Despite his deteriorating health, Fr. Jodi joined the recent demonstrations against pork barrel in EDSA and Rizal (formerly Luneta) Park.
One of a kind
It was his capacity at joining together various individuals and groups that made Fr. Jodi one of a kind, said Carol Pagaduan-Araullo, chairwoman of Bagong Alyansang Makabayan (Bayan).
“Fr. Jodi could relate very well to people from all walks of like. He can talk to disgruntled military officers, politicians, religious leaders,” Araullo said. “His way of thinking was not linear but always outside the box. This helped greatly in forging unity of broad alliances.”
Throughout the years, Fr. Jodi was instrumental in alliance formation, from the anti-Marcos dictatorship groups such as the Justice for Aquino, Justice for All (Jaja), Nationalist Alliance for Justice, Freedom and Democracy, to Coalition on the Restoration of Democracy and then to Bayan.
Fr. Jodi was also a key figure in the Estrada Resign Movement, the broad alliance that led the campaign for the ouster of former President Joseph Estrada and the Plunder Watch that sought Estrada’s accountability.
“He was most adept in mobilizing bishops,” Araullo said. “He would talk to them, explain to them.”
Araullo has only one criticism for Fr. Jodi. “He could not be stopped to the point of ignoring his illness.” The priest had battled diabetes for nearly ten years.
One time, he attended the inauguration of a building that serves as a workers assistance center. “He did not mind that his leg was so swollen,” Araullo related. After the activity, he was brought to the hospital.
“He was indefatigable. He could not be stopped from working on his projects,” Araullo said.
De Guzman, one of the workers who took care of Fr. Joe up to the last months of his life, said: “He was restless. He was not used to taking a rest, doing nothing.”
Araullo said Fr. Jodi combined very well his being a priest and an activist. “He is an example of a religious who went beyond the traditional functions and performed the role of a patriotic and progressive priest, one who carried out service to the people.”
Nathaniel Santiago, secretary general of Bayan Muna, recalled that in several occasions, when the police would attempt to disperse the protesters, Fr. Jodi would celebrate the Mass in the streets.
In tribute to Fr. Jodi, the National Democratic Front of the Philippines (NDFP) shared two anecdotes.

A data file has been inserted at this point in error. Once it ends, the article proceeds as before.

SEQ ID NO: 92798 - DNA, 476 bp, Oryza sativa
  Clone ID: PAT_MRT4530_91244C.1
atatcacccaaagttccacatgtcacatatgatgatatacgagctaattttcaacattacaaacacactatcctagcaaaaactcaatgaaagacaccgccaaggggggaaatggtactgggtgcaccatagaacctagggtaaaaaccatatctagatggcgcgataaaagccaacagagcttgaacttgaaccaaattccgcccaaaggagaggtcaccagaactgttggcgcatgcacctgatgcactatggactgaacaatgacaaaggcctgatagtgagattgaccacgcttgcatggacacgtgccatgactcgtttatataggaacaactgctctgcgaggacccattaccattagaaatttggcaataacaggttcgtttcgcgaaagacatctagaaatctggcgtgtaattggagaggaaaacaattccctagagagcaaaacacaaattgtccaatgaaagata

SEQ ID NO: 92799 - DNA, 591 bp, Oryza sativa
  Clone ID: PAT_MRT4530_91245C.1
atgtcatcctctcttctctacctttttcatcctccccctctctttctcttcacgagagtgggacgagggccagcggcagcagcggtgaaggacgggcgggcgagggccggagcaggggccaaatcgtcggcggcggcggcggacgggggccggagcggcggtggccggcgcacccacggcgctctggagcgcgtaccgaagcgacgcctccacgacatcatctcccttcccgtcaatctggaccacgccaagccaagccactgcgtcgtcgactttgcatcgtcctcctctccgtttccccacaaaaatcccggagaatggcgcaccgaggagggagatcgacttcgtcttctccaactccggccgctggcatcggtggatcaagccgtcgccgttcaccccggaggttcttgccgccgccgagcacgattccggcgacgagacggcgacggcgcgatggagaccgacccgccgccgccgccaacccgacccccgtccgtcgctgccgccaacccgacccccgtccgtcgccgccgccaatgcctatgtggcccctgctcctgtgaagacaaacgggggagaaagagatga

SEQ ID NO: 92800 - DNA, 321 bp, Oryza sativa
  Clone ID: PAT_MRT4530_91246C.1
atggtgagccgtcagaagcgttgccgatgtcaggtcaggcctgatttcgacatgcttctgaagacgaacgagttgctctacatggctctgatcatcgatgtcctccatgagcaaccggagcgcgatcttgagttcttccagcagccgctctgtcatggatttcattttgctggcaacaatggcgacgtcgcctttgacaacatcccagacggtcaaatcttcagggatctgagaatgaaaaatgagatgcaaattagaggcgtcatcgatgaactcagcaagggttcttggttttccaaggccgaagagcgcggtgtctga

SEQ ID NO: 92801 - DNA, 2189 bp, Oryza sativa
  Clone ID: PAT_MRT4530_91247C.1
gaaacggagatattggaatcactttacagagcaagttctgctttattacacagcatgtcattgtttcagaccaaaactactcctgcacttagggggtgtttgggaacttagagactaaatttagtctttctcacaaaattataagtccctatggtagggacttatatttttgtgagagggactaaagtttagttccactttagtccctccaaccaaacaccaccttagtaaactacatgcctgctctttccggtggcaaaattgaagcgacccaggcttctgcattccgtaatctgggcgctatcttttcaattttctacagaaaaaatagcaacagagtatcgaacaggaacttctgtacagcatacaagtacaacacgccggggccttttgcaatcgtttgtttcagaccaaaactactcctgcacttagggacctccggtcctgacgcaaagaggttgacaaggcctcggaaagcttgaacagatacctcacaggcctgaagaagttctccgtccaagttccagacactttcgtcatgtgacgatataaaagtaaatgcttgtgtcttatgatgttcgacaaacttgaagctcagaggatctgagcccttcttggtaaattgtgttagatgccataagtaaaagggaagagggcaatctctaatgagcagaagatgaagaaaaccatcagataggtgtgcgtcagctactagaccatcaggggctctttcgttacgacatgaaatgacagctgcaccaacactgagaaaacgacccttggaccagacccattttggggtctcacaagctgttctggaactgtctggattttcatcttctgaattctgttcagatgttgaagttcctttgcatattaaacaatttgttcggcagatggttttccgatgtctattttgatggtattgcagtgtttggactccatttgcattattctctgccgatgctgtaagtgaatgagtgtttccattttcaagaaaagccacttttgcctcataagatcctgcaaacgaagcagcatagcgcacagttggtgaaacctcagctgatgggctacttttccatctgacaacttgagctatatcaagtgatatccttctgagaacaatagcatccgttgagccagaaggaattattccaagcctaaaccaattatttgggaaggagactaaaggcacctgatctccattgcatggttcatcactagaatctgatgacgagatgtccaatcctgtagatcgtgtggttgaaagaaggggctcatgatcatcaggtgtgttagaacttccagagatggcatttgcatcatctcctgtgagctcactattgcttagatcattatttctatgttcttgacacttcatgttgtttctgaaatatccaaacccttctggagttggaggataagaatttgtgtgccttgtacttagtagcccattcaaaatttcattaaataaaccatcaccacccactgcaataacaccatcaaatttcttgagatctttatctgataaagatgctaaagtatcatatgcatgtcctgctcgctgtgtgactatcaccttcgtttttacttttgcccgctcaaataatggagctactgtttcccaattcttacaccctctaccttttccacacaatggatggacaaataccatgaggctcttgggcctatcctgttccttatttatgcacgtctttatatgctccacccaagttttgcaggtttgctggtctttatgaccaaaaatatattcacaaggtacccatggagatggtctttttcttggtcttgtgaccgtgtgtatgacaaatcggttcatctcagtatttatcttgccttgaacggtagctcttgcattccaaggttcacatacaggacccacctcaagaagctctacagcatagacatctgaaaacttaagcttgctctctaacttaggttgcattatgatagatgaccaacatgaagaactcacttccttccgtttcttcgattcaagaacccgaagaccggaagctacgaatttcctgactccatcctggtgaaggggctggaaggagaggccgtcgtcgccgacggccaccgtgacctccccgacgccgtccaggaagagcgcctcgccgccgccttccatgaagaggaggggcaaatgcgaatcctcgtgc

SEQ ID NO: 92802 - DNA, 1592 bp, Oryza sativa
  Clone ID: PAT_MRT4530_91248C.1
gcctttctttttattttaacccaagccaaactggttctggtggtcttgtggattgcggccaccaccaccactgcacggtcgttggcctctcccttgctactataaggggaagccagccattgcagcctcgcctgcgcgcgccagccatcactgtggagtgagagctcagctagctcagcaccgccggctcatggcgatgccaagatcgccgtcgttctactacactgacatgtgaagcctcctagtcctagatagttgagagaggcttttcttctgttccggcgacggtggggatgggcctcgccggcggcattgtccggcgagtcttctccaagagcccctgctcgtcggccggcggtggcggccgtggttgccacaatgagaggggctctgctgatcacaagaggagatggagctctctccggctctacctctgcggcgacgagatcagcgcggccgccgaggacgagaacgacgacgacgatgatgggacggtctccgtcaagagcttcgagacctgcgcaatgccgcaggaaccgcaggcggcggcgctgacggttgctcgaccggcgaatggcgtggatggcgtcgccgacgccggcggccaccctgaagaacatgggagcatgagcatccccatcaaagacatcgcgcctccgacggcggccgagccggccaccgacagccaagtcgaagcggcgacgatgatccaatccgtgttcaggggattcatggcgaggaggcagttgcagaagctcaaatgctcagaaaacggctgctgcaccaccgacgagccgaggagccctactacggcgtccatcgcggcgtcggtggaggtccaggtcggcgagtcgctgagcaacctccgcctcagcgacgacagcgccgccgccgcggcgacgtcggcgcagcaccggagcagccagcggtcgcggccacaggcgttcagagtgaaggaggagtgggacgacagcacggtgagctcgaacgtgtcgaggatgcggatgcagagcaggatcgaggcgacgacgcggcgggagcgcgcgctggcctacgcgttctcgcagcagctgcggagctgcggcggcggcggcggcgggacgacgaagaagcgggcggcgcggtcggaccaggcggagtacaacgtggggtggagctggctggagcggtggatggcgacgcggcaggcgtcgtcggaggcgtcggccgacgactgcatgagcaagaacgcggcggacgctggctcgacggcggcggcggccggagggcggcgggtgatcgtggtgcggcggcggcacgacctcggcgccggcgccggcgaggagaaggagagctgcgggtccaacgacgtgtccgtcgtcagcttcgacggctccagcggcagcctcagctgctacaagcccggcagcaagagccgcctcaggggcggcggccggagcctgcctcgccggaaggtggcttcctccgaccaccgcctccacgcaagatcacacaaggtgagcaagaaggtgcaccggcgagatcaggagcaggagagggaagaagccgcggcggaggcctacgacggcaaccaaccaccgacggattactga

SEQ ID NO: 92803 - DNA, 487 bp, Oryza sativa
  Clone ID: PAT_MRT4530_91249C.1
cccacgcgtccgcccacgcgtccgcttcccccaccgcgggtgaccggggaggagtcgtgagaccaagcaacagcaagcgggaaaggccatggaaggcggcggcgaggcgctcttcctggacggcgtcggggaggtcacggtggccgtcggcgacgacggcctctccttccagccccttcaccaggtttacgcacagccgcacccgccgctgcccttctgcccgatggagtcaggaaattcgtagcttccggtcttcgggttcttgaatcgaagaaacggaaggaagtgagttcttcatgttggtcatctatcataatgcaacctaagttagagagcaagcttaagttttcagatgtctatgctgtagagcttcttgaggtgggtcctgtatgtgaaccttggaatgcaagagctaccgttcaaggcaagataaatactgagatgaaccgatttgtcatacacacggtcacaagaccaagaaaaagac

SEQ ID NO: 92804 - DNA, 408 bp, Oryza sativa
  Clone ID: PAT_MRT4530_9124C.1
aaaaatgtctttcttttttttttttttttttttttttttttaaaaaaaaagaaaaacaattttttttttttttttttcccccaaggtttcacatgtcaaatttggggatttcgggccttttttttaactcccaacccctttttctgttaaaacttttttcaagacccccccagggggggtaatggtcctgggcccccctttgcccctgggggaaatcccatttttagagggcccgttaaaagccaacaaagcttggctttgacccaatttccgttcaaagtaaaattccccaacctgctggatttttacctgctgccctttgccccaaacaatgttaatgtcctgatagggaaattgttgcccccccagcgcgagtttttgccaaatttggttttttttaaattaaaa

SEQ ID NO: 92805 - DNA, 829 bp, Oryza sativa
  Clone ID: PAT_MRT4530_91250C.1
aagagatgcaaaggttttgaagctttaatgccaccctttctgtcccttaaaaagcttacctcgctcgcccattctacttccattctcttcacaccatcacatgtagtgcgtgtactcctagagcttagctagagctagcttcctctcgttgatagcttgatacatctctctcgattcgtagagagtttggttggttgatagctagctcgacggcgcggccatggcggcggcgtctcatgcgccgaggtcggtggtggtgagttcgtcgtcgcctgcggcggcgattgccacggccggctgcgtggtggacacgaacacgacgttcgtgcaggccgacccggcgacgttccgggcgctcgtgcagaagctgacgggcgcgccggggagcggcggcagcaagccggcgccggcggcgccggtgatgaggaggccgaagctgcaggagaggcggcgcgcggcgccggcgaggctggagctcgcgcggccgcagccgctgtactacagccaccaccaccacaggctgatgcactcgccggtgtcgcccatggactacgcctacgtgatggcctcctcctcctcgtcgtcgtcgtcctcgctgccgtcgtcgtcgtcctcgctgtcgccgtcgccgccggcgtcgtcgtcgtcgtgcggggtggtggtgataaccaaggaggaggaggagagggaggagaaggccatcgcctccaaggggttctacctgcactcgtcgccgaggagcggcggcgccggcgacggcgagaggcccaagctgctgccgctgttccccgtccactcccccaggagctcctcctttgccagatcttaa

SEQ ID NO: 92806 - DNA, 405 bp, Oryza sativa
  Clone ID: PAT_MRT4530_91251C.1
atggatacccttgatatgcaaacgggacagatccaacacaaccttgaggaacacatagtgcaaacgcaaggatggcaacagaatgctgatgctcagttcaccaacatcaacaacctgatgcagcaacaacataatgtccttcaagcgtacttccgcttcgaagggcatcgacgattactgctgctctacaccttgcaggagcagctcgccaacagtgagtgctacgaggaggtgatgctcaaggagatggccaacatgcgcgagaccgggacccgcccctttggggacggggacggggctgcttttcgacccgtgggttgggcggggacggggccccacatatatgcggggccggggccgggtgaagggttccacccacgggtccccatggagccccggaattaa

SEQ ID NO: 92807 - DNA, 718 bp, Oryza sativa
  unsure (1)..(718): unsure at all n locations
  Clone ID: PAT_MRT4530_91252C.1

“In 2001 when Oriental Mindoro was subjected to intense militarization under the fascist military of Jovito Palparan, ten battalions were deployed to the province and more than 30 activists had been murdered. Fr. Joe D acted creatively to help save 60 families targeted by the military. He offered the huge statue of Inay Maria for a series of processions which the military did not dare attack. During the processions the 60 families were brought to safety,” the NDFP said.
“In November 2005, a year after the Hacienda Luisita massacre, Fr. Joe D led other priests in confronting the Presidential Security Group under General Delfin Bangit. The soldiers barred them from entering the parish church at the National Shrine of St. Michael the Archangel near Malacañang. Fr. Joe D demanded that the parish priest, Msgr. Ernesto Cruz, and his group enter the church and concelebrate the mass. Fr. Joe D prevailed over the objections of the soldiers,” the group added.
Actor and director Bibeth Orteza who worked with Fr. JoDi in Kontra Daya and Oust Gloria Arroyo movement, looked at Fr. JoDi’s coffin and said, “If all priests are like you, there would be more Catholics.”
In its tribute, the National Council of Churches in the Philippines (NCCP), a fellowship of mainline Protestant Churches, describes Fr. JoDi, “He was a priest whose communion table was especially for those who struggle to secure a national life free from the repression and violence of greed and power. To the poor he proclaimed hope that is made real in their unquenchable thirst for ‘the new heaven and the new earth.’ To those who oppress he proclaimed repentance and issued warnings with unwavering clarity that what they ‘sow shall they reap.’”